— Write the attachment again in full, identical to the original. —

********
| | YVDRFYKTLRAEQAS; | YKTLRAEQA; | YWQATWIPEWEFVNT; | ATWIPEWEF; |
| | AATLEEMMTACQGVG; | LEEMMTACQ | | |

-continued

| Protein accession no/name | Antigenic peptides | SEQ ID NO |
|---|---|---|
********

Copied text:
| | YVDRFYKTLRAEQAS; | YKTLRAEQA; | YWQATWIPEWEFVNT; | ATWIPEWEF; |
| | AATLEEMMTACQGVG; | LEEMMTACQ | | |

-continued

| Protein accession no/name | Antigenic peptides | SEQ ID NO |
|---|---|---|